I have in the past attended many book-release functions. But the one that I participated in on Monday this week (November 18, 2013) was really unforgettable. The function was held at the Rashtrapati Bhavan, in the presence of the President, but the book was not released by him. The formal release of the book, titled “The Light Within” was done by two sweet little girls by name Pragya and Prachi. The two are twin sisters; since birth both cannot see. The two are now studying in XII Standard. Sipra’s book carries an earlier picture of theirs with their father.
Prachi and Pragya, when they were 6 years
old with their father, a Delhi Businessman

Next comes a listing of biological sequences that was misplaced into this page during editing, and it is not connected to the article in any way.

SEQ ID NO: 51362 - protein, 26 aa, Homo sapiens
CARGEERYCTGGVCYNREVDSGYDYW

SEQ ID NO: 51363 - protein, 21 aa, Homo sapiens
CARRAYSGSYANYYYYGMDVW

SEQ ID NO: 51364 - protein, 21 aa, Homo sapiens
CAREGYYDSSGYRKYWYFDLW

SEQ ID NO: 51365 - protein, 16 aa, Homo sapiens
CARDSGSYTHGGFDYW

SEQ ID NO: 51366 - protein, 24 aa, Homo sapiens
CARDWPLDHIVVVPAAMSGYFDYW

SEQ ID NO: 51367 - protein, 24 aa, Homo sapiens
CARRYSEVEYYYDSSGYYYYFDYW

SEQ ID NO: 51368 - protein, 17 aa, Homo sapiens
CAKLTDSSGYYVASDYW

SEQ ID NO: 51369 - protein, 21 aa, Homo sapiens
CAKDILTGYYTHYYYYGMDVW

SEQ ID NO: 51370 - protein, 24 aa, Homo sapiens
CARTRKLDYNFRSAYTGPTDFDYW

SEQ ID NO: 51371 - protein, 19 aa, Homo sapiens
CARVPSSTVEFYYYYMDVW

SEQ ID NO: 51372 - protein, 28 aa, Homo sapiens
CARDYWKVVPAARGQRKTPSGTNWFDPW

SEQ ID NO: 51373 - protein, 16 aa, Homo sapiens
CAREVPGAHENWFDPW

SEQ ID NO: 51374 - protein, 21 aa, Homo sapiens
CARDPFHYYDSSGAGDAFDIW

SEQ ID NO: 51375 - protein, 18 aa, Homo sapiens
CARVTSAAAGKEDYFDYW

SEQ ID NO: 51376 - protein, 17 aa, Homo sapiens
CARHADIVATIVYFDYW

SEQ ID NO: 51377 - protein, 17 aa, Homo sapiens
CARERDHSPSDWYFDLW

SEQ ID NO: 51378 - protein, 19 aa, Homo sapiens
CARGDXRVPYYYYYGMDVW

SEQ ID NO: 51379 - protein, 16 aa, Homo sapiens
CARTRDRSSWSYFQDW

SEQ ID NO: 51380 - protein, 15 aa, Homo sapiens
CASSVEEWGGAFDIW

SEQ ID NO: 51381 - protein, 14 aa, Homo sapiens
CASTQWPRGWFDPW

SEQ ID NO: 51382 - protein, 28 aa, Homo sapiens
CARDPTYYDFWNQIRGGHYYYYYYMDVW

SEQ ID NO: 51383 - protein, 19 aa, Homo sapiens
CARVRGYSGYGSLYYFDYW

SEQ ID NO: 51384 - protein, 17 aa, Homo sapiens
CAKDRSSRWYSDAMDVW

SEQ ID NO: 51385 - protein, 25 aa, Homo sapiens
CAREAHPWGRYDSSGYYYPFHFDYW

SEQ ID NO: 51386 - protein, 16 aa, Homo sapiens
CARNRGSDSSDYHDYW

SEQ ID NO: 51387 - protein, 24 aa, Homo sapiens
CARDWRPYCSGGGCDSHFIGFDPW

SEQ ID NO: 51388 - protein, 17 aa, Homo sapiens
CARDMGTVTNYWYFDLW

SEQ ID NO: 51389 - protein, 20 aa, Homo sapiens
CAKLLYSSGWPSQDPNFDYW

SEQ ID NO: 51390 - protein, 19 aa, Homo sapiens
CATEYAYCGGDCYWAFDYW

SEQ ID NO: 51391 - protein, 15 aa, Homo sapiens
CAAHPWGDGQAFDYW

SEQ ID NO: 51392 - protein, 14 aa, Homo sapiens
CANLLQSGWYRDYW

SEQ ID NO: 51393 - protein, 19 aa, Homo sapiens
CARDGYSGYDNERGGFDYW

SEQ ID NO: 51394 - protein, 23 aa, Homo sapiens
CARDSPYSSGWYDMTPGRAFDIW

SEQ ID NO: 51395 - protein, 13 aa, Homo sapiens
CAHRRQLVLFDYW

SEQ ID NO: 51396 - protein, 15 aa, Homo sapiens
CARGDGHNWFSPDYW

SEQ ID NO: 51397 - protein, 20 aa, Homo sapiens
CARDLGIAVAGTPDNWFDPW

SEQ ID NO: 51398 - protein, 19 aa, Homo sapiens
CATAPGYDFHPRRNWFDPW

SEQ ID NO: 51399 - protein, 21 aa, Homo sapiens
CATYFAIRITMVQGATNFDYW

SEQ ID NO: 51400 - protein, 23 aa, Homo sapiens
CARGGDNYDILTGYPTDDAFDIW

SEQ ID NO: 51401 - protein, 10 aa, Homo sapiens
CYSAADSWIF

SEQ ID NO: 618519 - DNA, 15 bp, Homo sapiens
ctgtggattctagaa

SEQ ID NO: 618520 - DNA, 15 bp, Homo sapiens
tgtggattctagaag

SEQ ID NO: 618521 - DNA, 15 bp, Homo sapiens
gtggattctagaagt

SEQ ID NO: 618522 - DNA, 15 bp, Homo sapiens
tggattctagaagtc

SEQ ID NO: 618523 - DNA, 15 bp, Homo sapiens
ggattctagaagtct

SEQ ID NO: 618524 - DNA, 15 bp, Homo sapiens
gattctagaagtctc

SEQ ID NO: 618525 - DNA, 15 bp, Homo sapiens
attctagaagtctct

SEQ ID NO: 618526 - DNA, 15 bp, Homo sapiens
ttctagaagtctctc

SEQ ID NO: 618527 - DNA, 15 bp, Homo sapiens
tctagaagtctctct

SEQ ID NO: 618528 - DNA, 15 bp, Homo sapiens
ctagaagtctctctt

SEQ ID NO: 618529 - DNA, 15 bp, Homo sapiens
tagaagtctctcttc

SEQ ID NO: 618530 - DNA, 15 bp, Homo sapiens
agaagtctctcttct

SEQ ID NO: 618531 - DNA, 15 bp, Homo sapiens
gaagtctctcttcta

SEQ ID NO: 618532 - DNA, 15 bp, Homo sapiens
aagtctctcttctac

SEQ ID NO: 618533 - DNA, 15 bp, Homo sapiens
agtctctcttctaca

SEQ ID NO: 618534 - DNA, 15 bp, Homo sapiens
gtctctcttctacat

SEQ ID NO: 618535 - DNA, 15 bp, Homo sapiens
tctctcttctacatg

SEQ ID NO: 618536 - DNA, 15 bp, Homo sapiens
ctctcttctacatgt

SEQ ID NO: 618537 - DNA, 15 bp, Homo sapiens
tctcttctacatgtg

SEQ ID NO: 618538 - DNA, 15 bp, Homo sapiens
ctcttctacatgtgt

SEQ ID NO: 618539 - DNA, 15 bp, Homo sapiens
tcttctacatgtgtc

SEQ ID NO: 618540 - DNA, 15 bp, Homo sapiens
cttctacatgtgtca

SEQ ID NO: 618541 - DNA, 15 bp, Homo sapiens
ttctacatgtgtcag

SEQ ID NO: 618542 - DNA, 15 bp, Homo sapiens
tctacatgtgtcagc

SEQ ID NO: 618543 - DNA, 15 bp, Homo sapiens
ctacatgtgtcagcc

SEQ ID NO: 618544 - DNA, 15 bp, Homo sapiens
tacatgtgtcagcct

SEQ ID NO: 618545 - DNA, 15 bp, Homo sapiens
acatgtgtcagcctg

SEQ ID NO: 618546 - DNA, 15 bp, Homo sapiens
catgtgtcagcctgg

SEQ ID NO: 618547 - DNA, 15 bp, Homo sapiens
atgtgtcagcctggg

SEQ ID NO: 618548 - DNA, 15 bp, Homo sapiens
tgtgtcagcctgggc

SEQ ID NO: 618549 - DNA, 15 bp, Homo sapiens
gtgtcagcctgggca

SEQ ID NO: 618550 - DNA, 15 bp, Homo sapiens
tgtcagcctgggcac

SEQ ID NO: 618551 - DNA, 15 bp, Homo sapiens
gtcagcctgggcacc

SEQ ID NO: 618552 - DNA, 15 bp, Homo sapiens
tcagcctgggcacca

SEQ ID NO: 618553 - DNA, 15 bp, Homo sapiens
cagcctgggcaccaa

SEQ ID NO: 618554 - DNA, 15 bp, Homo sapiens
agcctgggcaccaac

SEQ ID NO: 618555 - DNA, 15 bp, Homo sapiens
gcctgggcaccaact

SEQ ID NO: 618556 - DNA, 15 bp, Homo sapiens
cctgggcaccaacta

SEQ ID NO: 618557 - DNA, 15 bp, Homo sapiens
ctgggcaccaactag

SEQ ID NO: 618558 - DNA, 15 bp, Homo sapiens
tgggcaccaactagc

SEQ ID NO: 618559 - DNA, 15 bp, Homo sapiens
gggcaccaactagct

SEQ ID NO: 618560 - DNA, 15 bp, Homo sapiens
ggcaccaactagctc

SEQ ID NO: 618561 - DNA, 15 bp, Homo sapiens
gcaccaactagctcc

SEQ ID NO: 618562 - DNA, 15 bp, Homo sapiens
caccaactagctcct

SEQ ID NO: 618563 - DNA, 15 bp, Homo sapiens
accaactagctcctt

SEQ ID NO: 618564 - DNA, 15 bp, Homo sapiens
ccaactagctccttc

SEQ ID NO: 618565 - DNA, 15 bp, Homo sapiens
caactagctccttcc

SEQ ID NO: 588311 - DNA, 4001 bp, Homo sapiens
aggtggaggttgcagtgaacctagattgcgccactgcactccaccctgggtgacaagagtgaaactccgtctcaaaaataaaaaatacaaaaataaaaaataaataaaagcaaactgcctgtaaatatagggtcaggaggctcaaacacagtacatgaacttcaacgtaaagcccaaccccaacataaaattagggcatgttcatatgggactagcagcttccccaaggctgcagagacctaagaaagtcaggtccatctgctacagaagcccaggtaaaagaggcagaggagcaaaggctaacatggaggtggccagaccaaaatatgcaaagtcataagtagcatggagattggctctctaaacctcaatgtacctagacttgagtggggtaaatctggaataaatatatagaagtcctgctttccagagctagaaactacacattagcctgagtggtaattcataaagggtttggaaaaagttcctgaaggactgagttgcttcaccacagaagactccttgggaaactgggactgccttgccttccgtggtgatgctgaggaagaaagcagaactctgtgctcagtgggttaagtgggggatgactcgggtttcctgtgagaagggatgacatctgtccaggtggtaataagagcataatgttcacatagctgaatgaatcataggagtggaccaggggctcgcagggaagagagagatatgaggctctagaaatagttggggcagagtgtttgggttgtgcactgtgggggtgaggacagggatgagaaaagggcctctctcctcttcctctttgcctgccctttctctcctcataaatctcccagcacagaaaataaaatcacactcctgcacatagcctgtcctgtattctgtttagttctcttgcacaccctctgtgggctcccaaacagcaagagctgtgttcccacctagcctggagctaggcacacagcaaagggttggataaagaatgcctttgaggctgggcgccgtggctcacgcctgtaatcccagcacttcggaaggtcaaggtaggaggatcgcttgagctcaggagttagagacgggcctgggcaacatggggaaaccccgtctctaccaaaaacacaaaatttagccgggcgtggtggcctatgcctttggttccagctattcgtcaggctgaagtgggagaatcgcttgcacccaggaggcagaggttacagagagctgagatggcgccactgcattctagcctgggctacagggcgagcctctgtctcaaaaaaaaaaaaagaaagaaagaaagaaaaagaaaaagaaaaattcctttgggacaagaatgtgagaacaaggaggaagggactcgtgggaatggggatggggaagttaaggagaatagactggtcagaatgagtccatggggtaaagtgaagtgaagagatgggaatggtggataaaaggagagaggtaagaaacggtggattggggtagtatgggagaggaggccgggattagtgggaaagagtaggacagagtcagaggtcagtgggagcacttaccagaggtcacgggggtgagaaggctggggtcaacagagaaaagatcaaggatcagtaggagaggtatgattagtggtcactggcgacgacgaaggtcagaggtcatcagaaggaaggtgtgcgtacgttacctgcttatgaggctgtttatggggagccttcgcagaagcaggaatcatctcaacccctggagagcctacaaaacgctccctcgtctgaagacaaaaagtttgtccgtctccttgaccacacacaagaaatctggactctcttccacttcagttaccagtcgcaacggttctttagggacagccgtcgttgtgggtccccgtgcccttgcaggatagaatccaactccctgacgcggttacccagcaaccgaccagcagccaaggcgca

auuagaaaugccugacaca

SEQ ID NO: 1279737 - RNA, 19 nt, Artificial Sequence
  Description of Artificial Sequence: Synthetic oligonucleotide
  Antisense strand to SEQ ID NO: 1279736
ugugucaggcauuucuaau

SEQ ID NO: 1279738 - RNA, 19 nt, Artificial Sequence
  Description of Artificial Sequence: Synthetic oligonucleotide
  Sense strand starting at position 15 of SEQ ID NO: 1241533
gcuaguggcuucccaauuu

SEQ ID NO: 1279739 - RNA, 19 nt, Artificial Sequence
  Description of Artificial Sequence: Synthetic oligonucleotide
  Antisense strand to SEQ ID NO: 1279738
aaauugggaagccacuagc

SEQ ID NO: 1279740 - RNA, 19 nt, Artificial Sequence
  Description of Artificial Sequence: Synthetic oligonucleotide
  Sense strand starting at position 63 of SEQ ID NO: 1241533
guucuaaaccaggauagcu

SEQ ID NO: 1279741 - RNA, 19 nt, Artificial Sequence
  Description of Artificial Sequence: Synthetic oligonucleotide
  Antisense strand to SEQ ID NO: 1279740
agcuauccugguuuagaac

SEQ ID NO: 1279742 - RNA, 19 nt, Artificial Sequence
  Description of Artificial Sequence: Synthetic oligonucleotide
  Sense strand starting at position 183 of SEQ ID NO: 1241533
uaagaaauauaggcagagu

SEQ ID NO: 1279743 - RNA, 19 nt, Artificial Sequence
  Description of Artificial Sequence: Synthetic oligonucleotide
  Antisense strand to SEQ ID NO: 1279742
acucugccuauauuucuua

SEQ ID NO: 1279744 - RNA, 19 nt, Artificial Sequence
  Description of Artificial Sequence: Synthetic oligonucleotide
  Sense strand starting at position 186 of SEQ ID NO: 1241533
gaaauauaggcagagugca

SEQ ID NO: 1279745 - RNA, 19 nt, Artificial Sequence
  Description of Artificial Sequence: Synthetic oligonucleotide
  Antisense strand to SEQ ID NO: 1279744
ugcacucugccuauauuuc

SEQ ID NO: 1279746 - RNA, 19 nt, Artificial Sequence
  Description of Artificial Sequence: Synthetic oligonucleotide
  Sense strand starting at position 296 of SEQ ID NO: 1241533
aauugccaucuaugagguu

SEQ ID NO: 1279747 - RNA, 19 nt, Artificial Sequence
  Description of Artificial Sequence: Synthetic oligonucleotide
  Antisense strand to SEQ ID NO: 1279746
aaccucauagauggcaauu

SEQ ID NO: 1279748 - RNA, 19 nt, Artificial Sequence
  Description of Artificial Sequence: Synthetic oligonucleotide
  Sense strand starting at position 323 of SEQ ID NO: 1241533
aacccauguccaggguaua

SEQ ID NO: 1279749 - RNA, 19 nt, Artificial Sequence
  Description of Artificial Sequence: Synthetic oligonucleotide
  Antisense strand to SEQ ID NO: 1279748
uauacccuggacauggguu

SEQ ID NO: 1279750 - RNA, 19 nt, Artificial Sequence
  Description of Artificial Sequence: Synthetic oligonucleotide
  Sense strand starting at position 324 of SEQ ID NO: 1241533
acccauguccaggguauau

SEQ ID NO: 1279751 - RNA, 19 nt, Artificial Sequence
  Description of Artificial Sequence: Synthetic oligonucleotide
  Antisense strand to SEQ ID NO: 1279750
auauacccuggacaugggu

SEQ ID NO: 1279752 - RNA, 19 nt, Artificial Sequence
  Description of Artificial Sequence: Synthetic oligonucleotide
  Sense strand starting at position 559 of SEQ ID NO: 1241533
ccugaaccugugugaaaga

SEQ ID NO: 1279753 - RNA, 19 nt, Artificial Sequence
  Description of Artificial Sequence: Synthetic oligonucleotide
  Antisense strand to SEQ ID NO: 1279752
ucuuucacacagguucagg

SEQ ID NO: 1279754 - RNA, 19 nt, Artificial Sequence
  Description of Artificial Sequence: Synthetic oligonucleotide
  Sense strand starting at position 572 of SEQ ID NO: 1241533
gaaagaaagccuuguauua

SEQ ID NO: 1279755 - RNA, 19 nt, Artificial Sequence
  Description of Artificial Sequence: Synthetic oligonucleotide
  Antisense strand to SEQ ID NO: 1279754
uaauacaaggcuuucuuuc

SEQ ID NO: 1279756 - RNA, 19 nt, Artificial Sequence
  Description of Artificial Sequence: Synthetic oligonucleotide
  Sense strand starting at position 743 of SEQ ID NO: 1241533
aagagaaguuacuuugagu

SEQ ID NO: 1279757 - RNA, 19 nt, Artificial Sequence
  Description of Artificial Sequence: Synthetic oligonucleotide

The book, which I have described in the title as ‘unique’ is a compilation of photographs by a photojournalist, Sipra Das.
I have been in politics for decades, and based in Delhi. And so I have known Sipra Das for years. No one can describe her better than Gulzar, himself a great artist, who has written the Foreword to the book. The very opening paragraphs give the readers a graphic idea of both the photographer as well as her photographs, which truly make the book unique. Gulzar writes:
Sipra Das had a heart in place of the lenses on her camera. Those who see and feel the faces with their fingers, have an inner lens to see with their hearts.
Sipra has the same.
Mr. Jawahar Kaul, visually handicapped is the principal of the “All India Confederation of the Blind”. He said: “You can see with your eyes, but cannot see with your heart, as we can.” But Sipra sees with both.
After going through the photographs of Sipra Das, the life seems so normal with the fisherman Misri Sahani, Safat Ali Hasan, Riyazuddin, the motorcycle mechanic, that I felt my own capabilities were so less, lacking, and handicapped.